Disc Rot - What to look for?

Published on: 04/01/2020 - 11:55 AM

What is Disc Rot?

Optical Discs are not considered to be permanent storage, the life expectancy is anywhere from 20 to 100 years, depending on a number of factors such as: the quality of the discs, the quality of the writing drive or manufacturing process as well storage conditions. Disc Rot causes CDs, DVDs or other types of optical discs to become unreadable, due to physical or chemical deterioration (it is caused by oxidation of the reflective layer on the disc, physical scuffing or scratches to the disc surface, reactions with contaminants or the de-bonding of the adhesive used to adhere the different layers of the disc together due to age or possibly other factors).

I’ve never seen it?

You most likely have - let me set the scene, so there you are, happily going about your business, saving the day in your favourite game to find that all of a sudden your game freezes up! It's possible that the console reset itself back to the home screen?

Hey, it happens, bugs crop up from time to time. You pass it off as a one time issue, you reload the game continuing on from where you left off, only to find it happens again.

What the hell?! Sound familiar at all?

What causes Disc Rot?

Now it could be that the disc is a bit scratched or in the case of another console which suffers heat related random resets. Yes, I’m looking at you Dreamcast. I’m not for a minute suggesting this is the only reason for encountering these types of issues but, what if this time, the cause of your frustration is in fact caused by the dreaded CD based plague?

Unfortunately, disc rot is a very real issue, I’ve had the misfortune of dealing with it on several occasions, some more severe than others. =(

My Experience

My first encounter happened while playing Sonic Jam on the trusty Sega Saturn. I was happily reading through the history section on our favourite blue hedgehog, while exploring Sonic’s 3D world, when the console decided to reset itself, so, I reloaded the game to find the same thing happened - in the exact same spot.

So now I know what might be causing the issue, I needed to check if I was correct and it is disc rot I am dealing with. The simplest way to find out, is to shine a bright light through the disc while looking at the reflective side, rotating the disc as you go along. What you are looking for is tiny little pin holes of light which shine through. If it is bad enough, it may be much larger than pin sized holes, discolouration is also another sign, also known as CD bronzing.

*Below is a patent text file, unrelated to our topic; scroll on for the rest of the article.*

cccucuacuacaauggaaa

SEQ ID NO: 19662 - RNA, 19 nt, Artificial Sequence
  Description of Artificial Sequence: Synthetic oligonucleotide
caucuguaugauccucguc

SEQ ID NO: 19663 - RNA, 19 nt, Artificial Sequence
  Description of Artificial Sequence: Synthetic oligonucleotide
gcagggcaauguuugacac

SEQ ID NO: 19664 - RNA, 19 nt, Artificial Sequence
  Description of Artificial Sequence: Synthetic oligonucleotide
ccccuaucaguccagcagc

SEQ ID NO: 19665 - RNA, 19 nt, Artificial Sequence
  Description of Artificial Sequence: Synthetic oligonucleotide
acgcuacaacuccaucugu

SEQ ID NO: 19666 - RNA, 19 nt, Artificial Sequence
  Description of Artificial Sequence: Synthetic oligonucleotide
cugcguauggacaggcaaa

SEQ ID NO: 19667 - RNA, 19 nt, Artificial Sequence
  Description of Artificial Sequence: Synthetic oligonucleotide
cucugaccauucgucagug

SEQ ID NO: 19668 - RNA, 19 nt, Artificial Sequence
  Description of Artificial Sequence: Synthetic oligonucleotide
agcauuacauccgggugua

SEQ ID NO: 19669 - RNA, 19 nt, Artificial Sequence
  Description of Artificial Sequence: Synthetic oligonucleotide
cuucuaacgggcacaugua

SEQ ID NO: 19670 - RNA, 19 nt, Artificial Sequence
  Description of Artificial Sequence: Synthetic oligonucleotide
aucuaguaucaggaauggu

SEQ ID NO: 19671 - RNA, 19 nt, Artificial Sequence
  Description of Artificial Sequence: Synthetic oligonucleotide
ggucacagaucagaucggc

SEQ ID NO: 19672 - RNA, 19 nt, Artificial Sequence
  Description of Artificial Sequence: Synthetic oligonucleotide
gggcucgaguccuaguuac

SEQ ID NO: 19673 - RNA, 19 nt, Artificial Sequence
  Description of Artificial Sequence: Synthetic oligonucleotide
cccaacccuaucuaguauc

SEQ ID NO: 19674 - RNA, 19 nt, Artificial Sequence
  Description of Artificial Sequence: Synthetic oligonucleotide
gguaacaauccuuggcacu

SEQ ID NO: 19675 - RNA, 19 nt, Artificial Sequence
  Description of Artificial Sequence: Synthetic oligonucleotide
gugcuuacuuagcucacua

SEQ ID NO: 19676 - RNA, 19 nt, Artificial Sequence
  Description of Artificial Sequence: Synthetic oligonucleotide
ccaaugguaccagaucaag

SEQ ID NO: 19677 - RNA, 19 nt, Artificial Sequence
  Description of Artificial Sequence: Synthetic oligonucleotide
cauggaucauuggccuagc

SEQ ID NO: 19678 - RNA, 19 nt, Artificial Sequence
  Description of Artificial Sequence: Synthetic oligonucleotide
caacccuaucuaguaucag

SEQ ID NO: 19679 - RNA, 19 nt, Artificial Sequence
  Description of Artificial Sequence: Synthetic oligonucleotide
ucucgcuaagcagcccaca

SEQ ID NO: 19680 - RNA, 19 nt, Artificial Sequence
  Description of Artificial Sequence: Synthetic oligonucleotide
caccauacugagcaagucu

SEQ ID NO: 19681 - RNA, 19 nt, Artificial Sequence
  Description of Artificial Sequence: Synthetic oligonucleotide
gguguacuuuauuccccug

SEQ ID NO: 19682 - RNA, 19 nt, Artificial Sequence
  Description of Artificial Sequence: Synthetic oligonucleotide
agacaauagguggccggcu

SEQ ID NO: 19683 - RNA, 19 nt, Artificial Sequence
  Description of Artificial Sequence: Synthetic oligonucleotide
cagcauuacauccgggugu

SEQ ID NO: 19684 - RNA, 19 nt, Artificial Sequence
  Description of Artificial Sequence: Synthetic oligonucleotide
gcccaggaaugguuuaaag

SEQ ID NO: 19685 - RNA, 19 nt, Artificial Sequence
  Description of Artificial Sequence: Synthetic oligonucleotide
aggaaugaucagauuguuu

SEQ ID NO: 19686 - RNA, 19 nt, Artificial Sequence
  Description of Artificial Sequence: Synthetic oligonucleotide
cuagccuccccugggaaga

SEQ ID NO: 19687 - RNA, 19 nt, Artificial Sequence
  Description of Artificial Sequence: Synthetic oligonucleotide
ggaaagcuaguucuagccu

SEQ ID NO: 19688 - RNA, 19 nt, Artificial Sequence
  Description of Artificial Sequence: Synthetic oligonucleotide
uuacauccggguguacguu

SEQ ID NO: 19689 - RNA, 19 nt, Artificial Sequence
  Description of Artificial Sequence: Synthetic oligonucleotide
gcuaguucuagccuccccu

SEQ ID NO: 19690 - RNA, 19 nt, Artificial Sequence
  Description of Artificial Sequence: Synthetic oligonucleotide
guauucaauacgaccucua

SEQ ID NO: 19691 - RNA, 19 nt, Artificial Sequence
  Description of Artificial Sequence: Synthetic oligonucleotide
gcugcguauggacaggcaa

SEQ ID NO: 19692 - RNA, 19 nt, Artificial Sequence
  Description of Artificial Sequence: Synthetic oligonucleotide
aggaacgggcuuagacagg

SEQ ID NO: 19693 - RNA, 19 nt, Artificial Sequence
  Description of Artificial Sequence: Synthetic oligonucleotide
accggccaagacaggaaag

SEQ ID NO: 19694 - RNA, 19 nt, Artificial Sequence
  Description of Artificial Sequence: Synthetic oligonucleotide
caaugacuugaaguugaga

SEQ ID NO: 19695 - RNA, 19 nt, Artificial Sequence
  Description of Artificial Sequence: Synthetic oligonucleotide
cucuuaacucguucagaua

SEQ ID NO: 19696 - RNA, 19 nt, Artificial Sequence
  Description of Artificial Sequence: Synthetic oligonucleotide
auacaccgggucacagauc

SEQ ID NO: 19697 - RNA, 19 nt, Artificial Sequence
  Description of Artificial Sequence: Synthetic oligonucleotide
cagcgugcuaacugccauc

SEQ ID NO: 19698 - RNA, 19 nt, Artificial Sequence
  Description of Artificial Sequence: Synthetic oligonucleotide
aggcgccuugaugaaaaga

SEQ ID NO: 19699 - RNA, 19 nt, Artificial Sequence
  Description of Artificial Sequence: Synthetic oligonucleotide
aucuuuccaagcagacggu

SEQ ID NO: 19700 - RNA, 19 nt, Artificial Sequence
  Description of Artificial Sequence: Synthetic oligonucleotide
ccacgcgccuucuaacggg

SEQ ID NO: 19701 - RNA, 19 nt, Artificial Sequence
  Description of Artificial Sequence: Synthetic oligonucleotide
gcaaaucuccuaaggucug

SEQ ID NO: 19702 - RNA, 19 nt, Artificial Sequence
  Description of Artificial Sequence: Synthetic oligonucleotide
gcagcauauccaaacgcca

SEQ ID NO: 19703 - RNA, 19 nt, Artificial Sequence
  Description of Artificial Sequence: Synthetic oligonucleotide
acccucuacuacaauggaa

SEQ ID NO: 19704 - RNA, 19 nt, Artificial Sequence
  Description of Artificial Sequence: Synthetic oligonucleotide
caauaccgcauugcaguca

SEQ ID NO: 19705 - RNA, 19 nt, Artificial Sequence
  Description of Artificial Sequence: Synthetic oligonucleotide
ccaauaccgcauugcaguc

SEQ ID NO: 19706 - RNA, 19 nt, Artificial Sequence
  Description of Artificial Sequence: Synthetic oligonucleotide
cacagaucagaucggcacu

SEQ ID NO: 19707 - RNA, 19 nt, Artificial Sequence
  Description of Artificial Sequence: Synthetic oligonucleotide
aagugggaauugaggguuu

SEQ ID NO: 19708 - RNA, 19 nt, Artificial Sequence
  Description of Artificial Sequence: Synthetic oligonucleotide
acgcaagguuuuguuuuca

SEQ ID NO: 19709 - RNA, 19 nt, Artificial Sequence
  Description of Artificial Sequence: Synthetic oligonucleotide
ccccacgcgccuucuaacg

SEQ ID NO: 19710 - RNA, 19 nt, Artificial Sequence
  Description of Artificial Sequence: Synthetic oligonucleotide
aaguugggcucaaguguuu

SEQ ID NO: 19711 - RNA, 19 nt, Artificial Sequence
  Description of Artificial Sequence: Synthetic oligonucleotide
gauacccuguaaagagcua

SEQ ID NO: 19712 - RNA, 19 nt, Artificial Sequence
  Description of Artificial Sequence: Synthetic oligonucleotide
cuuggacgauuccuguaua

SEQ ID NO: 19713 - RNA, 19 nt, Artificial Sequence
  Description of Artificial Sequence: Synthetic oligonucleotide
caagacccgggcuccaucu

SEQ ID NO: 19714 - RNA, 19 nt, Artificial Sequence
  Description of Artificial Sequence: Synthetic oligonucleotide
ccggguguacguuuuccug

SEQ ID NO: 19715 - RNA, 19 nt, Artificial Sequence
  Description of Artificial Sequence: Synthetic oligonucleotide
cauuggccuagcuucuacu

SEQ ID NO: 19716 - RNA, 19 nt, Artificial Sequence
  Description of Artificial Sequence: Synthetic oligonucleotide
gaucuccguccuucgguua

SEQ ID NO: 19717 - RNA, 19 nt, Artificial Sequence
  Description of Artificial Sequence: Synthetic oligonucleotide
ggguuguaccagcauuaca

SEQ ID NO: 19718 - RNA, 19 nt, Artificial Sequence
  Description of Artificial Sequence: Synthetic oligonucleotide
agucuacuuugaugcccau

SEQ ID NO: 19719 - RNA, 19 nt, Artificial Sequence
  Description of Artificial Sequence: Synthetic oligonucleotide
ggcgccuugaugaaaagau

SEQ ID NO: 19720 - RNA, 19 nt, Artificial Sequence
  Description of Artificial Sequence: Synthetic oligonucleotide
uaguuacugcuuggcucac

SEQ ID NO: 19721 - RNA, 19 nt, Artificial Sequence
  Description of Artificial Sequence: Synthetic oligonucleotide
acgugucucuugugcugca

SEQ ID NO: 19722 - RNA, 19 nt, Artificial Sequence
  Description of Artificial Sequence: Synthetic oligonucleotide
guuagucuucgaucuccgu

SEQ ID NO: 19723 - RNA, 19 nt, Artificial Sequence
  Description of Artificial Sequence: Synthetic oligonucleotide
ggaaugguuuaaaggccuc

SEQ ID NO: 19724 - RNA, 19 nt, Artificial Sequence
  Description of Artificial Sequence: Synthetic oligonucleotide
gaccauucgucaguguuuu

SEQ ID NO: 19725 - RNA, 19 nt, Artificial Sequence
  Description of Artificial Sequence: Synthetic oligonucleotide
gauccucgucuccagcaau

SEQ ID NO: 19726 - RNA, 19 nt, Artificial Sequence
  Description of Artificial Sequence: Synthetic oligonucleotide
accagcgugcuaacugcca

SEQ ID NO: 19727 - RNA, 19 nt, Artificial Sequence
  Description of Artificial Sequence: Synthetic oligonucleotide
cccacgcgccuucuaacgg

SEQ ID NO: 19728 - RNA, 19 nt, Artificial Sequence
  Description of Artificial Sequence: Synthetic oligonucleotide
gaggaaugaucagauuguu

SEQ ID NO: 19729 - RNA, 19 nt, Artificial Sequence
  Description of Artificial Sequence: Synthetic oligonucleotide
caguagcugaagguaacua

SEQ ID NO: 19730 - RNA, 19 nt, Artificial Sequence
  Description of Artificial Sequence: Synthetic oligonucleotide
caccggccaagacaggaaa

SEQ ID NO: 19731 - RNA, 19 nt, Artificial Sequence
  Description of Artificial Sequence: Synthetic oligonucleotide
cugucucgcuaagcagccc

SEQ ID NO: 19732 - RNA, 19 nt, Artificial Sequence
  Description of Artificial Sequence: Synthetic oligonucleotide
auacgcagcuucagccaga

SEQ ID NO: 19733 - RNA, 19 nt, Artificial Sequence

If you happen to find these little pin holes, then unfortunately it has already begun. The disc has essentially lost a small fragment of data so when the console attempts to read the information, the data isn’t available and you get the aforementioned effects, where the console doesn’t know what to do and resets. It could possibly freeze or stutter, then continue on playing the game if you are very lucky.

A worse example of this, was when I finally managed to buy a copy of Panzer Dragoon Saga, I was so excited, it was by far the most I had ever spent on a video game, when it arrived I was ecstatic, the condition was excellent, the sleeve was present and I was ready to start my adventure. I popped the disc in, loaded the game up and began to watch the opening cutscene with anticipation.

A short time later, the game resets and I see the home screen show up. NO! Don’t tell me, I load it up again hoping it was just a one time thing, to find it happen again. So I skip the first cut scene hoping for it to continue on, which it did for a short time before finally happening once again. Finally I had to check, not a few seconds after I start shining the light, I start seeing a few rays of light shining through what look like pin sized holes in the disc. I can’t explain the disappointment of spending so much on the game to find out it is basically worthless. I contacted the seller and explained the situation, luckily he did accept the return and I got a full refund, minus the return shipping cost, which all things considered, wasn’t so bad.

I couldn’t bring myself to purchase another copy after that for the worry of it happening again, after all if it had happened to one I couldn’t guarantee it wouldn’t affect another copy.

Final Thoughts

It's important to note, that if any of your discs are suffering from disc rot, there's nothing you can do. The effects are irreversible and unfortunately it will just degrade further as time goes on.

I would bet that anyone with any sort of CD based console collection, particularly older disc based systems, Mega CD / Sega CD, PS1 Saturn etc will have instances of disc rot. I’ve heard Metal Gear Solid the Twin Snakes on GameCube is very susceptible.

Hopefully this article has given you some insight into the issue and may prove to be of help to some other collectors out there.

Game Finders